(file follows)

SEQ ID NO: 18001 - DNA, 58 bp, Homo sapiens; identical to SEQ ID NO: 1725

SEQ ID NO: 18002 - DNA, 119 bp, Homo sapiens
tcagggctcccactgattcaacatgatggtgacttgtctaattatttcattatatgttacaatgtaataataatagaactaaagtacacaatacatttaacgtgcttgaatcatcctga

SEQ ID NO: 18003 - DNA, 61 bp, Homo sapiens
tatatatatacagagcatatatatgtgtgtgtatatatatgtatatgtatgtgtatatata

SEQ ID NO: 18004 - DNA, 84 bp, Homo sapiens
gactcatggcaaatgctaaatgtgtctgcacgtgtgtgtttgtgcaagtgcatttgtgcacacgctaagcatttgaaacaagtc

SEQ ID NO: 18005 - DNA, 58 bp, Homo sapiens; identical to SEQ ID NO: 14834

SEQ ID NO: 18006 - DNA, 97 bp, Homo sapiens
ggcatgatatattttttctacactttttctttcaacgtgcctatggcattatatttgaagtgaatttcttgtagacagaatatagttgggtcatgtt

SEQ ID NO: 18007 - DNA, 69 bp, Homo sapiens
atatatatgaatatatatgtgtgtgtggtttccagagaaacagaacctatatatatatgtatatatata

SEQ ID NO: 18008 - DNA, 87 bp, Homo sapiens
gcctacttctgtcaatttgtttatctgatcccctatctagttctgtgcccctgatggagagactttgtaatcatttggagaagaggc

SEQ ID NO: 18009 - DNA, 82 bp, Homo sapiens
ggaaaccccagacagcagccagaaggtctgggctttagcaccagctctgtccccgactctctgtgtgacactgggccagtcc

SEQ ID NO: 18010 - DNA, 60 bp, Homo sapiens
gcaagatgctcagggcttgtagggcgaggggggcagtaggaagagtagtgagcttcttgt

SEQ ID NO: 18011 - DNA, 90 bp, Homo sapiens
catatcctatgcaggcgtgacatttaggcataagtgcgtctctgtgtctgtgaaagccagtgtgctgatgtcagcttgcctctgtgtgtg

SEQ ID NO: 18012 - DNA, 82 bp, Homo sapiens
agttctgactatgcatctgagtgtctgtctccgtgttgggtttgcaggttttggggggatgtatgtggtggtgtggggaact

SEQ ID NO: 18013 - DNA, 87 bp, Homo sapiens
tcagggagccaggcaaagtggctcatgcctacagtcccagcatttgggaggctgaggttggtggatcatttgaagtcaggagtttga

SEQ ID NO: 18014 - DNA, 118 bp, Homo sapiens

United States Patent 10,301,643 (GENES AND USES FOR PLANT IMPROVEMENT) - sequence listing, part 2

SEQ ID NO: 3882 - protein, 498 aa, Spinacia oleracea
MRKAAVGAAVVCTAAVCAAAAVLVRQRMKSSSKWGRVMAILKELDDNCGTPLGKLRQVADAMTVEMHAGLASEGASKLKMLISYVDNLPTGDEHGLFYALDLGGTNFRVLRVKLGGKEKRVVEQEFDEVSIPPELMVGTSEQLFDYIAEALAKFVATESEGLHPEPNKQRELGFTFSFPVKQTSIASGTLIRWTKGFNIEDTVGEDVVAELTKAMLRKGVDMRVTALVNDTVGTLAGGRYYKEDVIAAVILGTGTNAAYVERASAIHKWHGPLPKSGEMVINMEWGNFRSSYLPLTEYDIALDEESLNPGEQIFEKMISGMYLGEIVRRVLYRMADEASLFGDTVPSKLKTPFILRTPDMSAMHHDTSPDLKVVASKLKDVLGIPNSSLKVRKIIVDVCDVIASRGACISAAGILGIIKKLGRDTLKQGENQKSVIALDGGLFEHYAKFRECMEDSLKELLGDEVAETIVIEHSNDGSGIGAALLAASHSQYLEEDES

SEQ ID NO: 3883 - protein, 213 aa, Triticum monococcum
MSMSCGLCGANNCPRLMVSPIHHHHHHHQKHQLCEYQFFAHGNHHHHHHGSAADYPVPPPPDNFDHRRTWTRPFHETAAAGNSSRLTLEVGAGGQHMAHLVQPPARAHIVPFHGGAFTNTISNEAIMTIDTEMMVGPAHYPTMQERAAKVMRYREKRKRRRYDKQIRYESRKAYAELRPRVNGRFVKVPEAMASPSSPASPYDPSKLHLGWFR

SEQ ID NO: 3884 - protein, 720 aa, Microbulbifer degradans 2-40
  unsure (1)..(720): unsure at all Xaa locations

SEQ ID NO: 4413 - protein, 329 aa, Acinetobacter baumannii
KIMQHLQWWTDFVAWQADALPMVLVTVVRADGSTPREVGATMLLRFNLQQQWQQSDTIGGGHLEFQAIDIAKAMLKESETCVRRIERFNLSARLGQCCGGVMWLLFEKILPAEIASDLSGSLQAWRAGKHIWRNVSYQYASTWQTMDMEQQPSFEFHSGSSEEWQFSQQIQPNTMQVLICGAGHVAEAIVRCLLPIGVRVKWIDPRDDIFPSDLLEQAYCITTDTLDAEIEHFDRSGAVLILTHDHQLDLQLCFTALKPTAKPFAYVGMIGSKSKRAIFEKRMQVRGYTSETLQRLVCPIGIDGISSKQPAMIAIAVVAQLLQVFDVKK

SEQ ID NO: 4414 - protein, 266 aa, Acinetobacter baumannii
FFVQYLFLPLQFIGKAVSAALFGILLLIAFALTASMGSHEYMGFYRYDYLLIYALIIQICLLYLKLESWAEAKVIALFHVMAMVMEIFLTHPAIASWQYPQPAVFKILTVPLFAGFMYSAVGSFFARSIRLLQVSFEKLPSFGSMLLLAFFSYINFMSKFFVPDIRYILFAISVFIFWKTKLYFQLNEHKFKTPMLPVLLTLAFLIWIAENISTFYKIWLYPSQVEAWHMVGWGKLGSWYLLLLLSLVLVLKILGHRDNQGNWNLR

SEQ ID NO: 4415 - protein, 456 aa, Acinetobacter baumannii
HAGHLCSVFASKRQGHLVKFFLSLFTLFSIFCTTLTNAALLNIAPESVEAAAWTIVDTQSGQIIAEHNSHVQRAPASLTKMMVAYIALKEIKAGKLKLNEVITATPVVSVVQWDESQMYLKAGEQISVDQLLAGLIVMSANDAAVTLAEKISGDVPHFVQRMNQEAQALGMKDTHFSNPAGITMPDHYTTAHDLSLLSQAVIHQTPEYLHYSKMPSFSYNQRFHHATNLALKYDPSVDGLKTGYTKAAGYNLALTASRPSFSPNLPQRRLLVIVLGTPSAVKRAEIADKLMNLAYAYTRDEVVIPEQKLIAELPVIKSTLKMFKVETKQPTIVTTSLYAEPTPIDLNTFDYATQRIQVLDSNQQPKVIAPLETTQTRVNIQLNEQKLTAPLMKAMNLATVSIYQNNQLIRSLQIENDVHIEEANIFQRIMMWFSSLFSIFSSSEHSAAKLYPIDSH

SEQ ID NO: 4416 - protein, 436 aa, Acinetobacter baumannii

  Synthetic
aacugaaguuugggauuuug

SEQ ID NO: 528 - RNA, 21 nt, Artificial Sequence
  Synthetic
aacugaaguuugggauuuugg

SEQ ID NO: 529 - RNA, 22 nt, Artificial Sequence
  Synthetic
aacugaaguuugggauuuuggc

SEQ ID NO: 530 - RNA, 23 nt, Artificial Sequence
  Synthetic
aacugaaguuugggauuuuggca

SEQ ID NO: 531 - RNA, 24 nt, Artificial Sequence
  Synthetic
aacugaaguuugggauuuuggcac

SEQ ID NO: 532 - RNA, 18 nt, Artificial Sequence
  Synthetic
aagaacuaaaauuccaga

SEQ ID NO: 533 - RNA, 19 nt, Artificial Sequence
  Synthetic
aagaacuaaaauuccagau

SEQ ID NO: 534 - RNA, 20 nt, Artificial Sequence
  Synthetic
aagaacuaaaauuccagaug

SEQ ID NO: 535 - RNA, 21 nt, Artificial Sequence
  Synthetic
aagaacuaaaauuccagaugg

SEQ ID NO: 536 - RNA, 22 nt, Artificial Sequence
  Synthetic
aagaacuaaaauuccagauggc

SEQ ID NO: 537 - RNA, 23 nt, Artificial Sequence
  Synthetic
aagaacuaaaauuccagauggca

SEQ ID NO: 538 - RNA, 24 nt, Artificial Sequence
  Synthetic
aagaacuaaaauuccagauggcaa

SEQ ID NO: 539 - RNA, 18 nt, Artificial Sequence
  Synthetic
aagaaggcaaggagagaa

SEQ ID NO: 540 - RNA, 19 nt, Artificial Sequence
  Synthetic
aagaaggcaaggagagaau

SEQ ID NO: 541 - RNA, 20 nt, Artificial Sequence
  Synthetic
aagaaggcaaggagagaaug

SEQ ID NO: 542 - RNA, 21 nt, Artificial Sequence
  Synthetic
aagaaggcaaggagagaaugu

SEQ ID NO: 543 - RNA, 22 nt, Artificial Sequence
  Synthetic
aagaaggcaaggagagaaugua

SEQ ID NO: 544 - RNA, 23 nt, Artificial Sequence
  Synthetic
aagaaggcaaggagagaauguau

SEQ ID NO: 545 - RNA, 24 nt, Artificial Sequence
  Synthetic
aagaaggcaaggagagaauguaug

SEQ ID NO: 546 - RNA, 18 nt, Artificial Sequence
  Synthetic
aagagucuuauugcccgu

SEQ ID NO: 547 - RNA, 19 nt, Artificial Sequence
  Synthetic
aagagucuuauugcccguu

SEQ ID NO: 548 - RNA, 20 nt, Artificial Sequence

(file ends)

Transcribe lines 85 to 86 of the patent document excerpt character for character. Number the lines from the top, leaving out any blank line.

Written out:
  Synthetic
aagaaggcaaggagagaaugu